Since we will first be searching our LDAP directory for the user that is attempting to authenticate, we have two options:

  • Providing a username and password to our connection
  • Anonymously bind to our connection, by not providing a username and password (if enabled in your directory)

Since we will be searching our directory, we must provide a base_dn, so LdapRecord knows where to begin searching for records.

// Connecting with an an account...
$connection = new \LdapRecord\Connection([
    'hosts' => ['127.0.0.1'],
    'base_dn' => 'dc=acme,dc=org',
    'username' => 'cn=WebApi,dc=acme,dc=org',
    'password' => 'super-secret',
]);

$connection->connect();

// Anonymously binding...
$connection = new \LdapRecord\Connection([
    'hosts' => ['127.0.0.1'],
    'base_dn' => 'dc=acme,dc=org',
]);

$connection->connect();

It's recommended to create and use an account in your LDAP directory that is specifically for your web application(s), rather than using your own account or a domain administrator.

Once we're connected, we can then search for the user who is trying to authenticate.

For this example, we're wanting users to login using their sAMAccountName:

$connection = new \LdapRecord\Connection(['...']);

$connection->connect();

$user = $connection->query()
    ->where('samaccountname', '=', $_POST['username'])
    ->firstOrFail();

if ($connection->auth()->attempt($user['distinguishedname'], $_POST['password'])) {
    // User has been successfully authenticated.
} else {
    // Username or password is incorrect.
}

Restricting Authentication

Sometimes you only want certain users allowed to login to your application. You can do this in a couple ways.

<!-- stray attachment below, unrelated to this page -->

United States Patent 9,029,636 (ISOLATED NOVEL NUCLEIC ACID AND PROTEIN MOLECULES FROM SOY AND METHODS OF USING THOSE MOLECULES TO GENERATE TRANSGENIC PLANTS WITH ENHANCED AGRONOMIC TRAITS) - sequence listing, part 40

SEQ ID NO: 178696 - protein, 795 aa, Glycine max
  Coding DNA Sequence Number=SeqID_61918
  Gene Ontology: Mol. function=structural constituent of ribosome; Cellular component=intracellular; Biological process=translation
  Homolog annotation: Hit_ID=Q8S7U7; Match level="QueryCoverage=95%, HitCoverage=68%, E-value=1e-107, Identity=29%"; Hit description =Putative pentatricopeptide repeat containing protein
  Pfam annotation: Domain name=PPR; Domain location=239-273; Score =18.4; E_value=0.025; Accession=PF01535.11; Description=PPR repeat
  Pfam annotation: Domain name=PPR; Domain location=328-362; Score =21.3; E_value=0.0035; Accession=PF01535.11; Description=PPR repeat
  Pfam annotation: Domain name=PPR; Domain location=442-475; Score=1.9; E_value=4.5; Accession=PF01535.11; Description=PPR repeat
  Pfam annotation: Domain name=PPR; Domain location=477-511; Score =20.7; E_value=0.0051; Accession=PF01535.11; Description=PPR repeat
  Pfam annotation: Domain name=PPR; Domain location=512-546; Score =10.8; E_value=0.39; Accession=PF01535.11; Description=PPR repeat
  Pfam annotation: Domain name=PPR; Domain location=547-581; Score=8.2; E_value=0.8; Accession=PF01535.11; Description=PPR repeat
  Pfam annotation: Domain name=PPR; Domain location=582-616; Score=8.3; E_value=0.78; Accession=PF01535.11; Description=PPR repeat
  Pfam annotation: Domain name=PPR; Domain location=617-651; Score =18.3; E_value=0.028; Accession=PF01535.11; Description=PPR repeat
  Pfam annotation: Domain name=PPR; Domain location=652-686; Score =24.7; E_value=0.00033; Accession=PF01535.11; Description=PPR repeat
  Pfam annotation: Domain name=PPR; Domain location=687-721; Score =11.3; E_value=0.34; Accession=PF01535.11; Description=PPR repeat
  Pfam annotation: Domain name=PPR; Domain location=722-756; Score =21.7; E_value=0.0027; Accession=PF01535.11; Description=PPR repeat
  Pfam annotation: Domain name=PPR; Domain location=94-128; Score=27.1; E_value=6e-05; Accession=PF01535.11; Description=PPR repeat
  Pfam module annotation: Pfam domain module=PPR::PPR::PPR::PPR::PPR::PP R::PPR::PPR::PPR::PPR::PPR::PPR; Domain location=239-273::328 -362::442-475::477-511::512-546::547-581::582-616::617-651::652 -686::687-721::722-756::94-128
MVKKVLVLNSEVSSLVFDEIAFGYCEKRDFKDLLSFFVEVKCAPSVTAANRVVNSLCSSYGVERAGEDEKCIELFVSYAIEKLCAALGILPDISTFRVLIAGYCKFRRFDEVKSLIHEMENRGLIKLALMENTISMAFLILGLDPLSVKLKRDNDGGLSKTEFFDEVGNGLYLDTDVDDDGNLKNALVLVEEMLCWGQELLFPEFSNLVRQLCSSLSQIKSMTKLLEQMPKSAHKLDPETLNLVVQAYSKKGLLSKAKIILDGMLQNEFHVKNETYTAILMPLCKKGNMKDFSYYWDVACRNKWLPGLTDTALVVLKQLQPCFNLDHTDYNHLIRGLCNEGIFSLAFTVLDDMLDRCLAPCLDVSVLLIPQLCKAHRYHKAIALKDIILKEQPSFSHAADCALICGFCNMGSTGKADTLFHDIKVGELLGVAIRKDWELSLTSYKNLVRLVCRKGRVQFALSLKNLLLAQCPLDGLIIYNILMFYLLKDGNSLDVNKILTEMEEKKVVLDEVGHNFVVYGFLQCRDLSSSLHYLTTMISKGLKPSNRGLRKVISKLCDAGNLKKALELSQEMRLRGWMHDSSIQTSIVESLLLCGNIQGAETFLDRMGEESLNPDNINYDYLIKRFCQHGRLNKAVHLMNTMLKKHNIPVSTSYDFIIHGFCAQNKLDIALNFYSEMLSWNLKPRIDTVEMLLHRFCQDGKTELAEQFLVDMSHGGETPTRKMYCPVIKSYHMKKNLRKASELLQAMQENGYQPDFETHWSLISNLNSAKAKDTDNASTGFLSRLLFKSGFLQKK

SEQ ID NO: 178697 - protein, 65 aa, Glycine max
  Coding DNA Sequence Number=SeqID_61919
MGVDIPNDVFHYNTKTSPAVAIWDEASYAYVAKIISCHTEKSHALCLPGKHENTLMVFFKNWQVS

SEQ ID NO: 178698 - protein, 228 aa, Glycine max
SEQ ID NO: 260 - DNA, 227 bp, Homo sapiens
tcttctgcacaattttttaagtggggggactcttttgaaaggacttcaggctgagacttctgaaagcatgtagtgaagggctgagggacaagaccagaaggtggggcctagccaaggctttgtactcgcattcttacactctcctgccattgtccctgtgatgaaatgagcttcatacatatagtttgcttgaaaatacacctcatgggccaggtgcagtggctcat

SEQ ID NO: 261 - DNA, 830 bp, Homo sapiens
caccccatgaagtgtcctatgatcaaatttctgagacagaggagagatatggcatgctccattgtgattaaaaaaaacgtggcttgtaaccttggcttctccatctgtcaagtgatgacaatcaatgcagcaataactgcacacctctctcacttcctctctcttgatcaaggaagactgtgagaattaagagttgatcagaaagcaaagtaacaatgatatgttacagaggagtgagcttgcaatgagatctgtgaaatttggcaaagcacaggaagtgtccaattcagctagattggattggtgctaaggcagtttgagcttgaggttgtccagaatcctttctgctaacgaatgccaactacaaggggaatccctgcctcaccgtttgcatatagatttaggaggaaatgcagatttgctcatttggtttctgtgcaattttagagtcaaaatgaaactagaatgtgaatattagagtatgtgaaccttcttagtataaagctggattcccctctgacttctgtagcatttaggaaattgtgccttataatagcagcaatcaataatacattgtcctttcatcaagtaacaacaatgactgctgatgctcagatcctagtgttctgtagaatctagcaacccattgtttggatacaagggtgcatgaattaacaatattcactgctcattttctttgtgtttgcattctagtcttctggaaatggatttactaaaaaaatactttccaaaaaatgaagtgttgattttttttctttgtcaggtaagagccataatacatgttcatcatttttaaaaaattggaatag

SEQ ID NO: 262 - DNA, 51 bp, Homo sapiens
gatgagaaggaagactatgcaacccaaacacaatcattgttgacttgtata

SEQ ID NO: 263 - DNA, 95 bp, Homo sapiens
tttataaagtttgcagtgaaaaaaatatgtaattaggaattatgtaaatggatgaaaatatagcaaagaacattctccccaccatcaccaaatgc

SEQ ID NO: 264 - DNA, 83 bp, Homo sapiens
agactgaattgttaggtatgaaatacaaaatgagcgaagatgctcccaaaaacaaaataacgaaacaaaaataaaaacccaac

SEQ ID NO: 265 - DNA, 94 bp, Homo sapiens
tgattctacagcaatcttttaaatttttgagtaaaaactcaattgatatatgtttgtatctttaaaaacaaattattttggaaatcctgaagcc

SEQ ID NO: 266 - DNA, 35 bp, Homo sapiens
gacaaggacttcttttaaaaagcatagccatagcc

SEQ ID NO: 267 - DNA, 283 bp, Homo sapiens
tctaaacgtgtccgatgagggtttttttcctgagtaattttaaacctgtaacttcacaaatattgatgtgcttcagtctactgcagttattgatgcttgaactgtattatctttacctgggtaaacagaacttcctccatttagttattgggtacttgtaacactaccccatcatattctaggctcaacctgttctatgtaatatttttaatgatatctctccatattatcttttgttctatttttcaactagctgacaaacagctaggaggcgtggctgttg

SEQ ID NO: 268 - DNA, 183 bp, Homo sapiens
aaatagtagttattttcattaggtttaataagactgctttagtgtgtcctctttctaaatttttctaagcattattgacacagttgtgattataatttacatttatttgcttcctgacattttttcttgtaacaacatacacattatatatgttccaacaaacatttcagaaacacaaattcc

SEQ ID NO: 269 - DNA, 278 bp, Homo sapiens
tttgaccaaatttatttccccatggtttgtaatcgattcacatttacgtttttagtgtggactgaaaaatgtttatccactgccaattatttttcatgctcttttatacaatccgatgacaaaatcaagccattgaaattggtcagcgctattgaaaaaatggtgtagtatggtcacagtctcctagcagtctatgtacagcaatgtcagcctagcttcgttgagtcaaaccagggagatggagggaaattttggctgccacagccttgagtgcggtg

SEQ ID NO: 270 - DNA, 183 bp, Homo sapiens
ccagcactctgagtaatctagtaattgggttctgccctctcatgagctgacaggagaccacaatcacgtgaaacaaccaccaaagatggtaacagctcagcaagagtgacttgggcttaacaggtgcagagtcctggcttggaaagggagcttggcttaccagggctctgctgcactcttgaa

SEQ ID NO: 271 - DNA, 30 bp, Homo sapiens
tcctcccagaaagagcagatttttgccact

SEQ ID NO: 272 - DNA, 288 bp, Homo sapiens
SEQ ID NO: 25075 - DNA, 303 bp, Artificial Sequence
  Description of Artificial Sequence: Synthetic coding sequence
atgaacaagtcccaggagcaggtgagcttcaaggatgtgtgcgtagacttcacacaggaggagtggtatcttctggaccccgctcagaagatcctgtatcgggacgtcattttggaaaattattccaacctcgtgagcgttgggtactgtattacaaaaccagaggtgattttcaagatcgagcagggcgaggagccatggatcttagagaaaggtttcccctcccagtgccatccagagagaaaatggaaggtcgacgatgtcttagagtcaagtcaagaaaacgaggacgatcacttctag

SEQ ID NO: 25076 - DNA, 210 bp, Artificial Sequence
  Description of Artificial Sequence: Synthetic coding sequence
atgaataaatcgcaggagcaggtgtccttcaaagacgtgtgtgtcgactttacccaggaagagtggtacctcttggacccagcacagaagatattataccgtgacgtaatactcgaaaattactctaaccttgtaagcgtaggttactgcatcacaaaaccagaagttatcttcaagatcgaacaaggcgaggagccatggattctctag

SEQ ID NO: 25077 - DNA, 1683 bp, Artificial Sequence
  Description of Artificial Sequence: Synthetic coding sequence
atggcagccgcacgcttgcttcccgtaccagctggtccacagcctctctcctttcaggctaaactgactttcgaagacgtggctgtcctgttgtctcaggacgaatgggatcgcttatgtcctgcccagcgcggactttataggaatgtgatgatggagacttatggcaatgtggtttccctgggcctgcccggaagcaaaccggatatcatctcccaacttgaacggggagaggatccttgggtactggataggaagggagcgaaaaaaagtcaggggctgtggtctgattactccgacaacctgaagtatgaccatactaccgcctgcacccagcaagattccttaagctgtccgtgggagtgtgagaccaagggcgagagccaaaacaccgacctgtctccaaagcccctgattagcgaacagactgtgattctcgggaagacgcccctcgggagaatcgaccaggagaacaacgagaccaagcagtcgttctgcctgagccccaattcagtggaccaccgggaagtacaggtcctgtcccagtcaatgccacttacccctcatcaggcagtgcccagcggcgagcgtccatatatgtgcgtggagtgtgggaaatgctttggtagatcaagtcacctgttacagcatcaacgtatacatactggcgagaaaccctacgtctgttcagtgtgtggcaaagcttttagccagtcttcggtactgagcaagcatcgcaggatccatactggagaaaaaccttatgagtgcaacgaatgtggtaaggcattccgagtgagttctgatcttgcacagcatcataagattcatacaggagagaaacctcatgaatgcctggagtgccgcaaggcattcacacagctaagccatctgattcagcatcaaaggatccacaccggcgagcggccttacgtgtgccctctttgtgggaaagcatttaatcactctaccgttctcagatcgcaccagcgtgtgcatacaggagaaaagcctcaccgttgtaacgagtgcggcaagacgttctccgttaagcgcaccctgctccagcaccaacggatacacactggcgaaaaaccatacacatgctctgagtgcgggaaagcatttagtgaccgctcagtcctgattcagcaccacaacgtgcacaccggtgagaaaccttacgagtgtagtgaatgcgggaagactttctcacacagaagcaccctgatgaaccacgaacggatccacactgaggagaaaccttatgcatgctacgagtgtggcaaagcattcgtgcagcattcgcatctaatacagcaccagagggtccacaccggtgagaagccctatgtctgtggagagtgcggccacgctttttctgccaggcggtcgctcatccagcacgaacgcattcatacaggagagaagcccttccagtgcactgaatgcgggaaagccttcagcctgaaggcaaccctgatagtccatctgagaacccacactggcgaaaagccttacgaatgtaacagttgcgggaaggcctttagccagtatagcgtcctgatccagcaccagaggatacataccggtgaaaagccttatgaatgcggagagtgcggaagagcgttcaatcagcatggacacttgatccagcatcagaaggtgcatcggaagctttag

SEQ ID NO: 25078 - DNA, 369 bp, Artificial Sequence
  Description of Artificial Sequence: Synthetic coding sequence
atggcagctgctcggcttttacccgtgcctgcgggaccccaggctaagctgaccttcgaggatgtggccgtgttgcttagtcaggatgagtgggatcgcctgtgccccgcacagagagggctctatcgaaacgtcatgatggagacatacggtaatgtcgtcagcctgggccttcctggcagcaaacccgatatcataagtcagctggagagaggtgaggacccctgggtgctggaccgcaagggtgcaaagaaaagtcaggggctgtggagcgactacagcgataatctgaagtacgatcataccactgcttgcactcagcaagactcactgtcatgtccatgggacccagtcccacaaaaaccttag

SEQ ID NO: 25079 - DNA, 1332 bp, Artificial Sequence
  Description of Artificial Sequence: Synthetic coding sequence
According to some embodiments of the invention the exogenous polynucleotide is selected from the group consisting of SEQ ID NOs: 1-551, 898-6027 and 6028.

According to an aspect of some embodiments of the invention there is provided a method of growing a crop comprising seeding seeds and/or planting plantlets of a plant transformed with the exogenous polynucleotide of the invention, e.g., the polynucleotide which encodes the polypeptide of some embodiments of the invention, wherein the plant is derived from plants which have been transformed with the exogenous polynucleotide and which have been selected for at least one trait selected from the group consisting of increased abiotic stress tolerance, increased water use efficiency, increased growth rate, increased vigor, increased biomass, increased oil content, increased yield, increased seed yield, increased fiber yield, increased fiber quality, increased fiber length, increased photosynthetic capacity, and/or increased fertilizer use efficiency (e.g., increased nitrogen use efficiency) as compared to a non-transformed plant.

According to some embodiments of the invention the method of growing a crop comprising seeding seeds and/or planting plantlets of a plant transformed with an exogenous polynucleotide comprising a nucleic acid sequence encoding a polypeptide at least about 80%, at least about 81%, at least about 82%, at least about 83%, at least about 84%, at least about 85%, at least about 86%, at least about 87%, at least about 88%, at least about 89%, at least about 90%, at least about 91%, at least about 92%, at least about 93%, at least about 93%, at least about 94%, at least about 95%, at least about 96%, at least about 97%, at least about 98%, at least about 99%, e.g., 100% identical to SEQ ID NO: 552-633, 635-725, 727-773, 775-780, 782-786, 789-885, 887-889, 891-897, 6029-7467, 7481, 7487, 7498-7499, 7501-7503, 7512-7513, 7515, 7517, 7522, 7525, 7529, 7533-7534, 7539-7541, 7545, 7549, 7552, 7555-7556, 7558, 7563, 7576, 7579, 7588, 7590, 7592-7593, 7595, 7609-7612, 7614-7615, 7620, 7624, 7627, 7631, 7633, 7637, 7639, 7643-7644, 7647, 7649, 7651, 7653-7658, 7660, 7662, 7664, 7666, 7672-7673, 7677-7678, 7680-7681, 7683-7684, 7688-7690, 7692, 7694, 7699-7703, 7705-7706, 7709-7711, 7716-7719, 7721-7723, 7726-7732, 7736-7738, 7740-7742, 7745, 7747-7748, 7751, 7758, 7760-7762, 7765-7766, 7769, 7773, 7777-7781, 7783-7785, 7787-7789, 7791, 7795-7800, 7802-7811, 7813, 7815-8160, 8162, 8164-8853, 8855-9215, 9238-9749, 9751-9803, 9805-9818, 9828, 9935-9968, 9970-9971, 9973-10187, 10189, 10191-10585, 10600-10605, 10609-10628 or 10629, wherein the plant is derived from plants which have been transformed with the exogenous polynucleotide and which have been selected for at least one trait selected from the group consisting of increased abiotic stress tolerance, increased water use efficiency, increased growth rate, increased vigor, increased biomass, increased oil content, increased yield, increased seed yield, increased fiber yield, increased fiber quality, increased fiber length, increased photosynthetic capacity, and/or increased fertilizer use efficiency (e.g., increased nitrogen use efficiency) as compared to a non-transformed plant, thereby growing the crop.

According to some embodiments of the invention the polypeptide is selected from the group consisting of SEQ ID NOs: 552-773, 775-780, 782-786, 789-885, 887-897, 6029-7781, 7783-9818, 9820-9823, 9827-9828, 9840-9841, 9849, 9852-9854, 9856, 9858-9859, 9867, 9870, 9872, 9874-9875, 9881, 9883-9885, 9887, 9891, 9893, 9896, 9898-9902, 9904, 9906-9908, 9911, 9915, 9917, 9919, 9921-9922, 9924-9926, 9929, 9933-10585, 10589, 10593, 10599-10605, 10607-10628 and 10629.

Group Memberships

To restrict who can authenticate in your application using groups that users will be members of, we will perform the same as above, except we will check if the returned memberof array of the user contains the allowed groups.

In this example, we will limit users who are members of Accounting and IT.

$connection = new \LdapRecord\Connection(['...']);

$connection->connect();

$user = $connection->query()
    ->where('samaccountname', '=', $_POST['username'])
    ->firstOrFail();

// Get the groups from the user.
$userGroups = $user['memberof'];

// Set up our allowed groups.
$allowed = [
    'cn=Accounting,ou=Groups,dc=acme,dc=org',
    'cn=IT,ou=Groups,dc=acme,dc=org',    
];

// Normalize the group distinguished names and determine if
// the user is a member of any of the allowed groups:
$difference = array_intersect(
    array_map('strtolower', $userGroups),
    array_map('strtolower', $allowed)
);

if (count($difference) > 0) {
    // Our user is a member of one of the allowed groups.
    // Continue with authentication.
    if ($connection->auth()->attempt($user['distinguishedname'], $_POST['password'])) {
        // User has been successfully authenticated.
    } else {
        // Username or password is incorrect.
    }
}

// User is not a member of any of the allowed groups.

Organizational Units

Using Organizational Units to determine which users are allowed to authenticate is easier than using groups.

In this scenario, we will limit our search to a single Organization Unit that contain users who are allowed to authenticate.

We can simply determine if a result is returned, we know the user exists inside:

$connection = new \LdapRecord\Connection(['...']);

$connection->connect();

$organizationalUnit = 'ou=AllowedUsers,dc=acme,dc=org';

$user = $connection->query()
    ->in($organizationalUnit)
    ->where('samaccountname', '=', $_POST['username'])
    ->first();

if ($user) {
    // Our user is a member of one of the allowed groups.
    // Continue with authentication.
    if ($connection->auth()->attempt($user['distinguishedname'], $_POST['password'])) {
        // User has been successfully authenticated.
    } else {
        // Username or password is incorrect.
    }
}

// No user found. They are not inside the OU.